Double-clicking on a WR causes it to toggle between enabled and disabled. Data about WR that was modified with the information box is saved with the project. The Restore button can be used to return the Longitude, Latitude, and Altitude data back to the original values read from the router data file.
Every time the user enables/disables a WR, the new precision map is automatically computed. To save time, the tool computes only a “patch” to the old map for each WR that changes status, not the whole precision map of
The map in
If the coordinates of a WR are changed when the WR is enabled, the whole map is automatically recomputed. To save time it is preferable to disable the WR and move it in a new position, then enable it again. This way the application will compute two patches, instead of the whole map.
A specific example in which the embodiment of the present invention described above is used, as in a particular configuration, is described below with reference to
In this example configuration, there is an intelligent access point (IAP) at the intersection between B Avenue and 3rd Street, that is, at B3. All WRs are either at the intersections of streets or along streets. Therefore the user can set the configuration parameters as shown in
The picture 210 of
By activating, one by one, the other two WRs on the 3rd street, at 3.1 (positioned an equal distance between intersections A3 and B3), and 3.3 (positioned an equal distance between intersections C3 and I3), the location quality on the map changes substantially. These two routers are not in line with the other routers. They are about 10 meters, 20 meters respectively, from the line connecting all other routers. Enabling and disabling any router will show the effect of this change on quality of geo-location in the area around that router.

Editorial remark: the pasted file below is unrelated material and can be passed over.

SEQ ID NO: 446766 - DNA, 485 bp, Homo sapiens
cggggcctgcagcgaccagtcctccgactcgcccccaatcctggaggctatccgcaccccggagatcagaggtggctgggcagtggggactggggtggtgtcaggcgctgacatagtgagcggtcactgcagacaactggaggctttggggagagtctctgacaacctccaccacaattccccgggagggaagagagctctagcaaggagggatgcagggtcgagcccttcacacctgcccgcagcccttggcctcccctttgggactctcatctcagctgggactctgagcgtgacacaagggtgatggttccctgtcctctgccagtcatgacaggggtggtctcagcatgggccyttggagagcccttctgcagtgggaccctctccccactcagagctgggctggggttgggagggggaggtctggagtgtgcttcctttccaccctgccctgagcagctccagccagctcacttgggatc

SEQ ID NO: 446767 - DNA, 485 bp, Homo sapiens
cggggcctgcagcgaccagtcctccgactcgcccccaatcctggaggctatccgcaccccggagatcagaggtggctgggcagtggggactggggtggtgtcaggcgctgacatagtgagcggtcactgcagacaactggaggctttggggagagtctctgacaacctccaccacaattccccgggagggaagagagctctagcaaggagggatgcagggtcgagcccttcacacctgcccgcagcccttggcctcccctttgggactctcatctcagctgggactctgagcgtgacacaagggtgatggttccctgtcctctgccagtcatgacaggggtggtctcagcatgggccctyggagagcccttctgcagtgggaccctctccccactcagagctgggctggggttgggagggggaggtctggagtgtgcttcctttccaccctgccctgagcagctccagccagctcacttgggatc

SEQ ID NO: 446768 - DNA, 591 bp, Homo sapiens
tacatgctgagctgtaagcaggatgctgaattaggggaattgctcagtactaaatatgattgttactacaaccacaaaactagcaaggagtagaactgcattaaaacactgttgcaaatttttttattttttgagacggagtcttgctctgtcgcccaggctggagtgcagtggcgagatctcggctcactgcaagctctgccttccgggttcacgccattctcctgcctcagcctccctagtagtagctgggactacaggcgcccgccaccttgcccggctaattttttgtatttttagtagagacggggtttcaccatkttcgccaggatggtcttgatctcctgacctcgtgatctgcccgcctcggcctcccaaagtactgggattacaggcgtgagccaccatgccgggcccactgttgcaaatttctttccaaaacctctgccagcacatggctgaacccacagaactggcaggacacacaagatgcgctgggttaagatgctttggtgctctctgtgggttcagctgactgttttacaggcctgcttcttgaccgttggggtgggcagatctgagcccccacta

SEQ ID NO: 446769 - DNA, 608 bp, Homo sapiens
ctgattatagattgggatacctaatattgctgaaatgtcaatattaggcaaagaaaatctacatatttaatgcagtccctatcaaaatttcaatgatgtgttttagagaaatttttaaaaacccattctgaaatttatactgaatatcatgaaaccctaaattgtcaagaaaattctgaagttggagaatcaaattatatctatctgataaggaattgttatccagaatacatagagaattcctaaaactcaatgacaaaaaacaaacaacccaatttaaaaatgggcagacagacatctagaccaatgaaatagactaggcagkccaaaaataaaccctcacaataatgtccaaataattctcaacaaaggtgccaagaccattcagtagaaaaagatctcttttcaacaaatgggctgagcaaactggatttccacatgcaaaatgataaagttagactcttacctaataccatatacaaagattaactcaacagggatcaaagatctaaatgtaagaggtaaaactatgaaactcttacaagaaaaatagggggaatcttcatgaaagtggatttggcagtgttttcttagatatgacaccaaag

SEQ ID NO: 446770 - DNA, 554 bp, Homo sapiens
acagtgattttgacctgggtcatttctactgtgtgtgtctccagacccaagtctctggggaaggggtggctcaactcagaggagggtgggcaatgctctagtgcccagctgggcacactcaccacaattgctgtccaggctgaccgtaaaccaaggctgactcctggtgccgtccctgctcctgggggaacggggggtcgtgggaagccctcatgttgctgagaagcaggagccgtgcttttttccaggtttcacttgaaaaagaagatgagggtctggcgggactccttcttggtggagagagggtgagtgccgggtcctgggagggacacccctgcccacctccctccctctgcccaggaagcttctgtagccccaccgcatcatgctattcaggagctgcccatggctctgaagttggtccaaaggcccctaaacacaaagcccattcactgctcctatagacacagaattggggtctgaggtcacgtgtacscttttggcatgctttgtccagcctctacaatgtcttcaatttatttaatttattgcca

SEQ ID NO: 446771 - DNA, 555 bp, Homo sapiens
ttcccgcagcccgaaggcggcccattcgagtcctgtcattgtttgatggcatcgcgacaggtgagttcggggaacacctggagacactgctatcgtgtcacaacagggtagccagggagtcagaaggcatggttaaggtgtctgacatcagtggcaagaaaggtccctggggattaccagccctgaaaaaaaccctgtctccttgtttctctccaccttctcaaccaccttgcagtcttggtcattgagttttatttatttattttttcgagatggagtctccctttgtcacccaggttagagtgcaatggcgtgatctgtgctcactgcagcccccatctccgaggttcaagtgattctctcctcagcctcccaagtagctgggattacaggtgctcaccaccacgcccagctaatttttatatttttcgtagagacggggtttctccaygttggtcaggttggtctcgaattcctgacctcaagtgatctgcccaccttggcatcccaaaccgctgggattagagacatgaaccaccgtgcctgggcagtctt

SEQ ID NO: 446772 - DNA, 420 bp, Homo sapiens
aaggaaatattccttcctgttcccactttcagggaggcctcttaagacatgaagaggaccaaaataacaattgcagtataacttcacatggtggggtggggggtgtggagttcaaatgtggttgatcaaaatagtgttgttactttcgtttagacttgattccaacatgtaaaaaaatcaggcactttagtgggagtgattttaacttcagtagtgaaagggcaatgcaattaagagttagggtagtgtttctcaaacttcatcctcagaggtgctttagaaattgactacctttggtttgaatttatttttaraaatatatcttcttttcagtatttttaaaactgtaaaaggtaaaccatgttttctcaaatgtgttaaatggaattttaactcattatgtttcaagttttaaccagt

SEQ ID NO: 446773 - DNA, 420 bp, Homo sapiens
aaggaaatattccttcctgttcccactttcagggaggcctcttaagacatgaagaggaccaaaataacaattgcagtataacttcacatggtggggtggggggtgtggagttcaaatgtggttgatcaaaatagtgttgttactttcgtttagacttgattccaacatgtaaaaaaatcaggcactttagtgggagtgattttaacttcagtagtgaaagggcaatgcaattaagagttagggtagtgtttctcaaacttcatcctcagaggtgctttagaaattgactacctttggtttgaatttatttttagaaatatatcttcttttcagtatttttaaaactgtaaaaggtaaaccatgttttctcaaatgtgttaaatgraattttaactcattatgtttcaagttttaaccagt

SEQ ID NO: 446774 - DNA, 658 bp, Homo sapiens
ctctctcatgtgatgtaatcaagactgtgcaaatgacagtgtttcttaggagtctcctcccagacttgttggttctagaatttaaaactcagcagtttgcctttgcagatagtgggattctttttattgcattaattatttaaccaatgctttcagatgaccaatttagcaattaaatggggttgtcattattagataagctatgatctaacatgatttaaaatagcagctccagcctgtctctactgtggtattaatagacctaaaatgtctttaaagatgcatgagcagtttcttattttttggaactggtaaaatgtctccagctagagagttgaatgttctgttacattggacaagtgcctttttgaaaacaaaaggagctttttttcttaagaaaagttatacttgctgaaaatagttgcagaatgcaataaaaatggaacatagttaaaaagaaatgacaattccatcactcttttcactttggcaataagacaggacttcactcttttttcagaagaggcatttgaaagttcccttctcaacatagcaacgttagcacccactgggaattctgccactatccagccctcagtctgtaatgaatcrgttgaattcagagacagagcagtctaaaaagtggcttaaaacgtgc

Although only a few exemplary embodiments of the present invention have been described in detail above, those skilled in the art will readily appreciate that many modifications are possible in the exemplary embodiments without materially departing from the novel teachings and advantages of this invention. Accordingly, all such modifications are intended to be included within the scope of this invention as defined.
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|U.S. Classification||455/457, 455/456.2, 340/995.16, 455/456.6, 340/995.1, 709/204, 701/400|
|International Classification||H04M3/42, H04Q7/20, H04L, H04M3/22|
|Cooperative Classification||H04M2242/04, H04M2242/14, H04M3/2263, H04M2242/30|
|29 Mar 2004||AS||Assignment|
Owner name: MESHNETWORKS, INC., FLORIDA
Free format text: ASSIGNMENT OF ASSIGNORS INTEREST;ASSIGNOR:BELCEA, JOHN M.;REEL/FRAME:015149/0955
Effective date: 20040312
|22 Jun 2010||FPAY||Fee payment|
Year of fee payment: 4
|24 Jun 2014||FPAY||Fee payment|
Year of fee payment: 8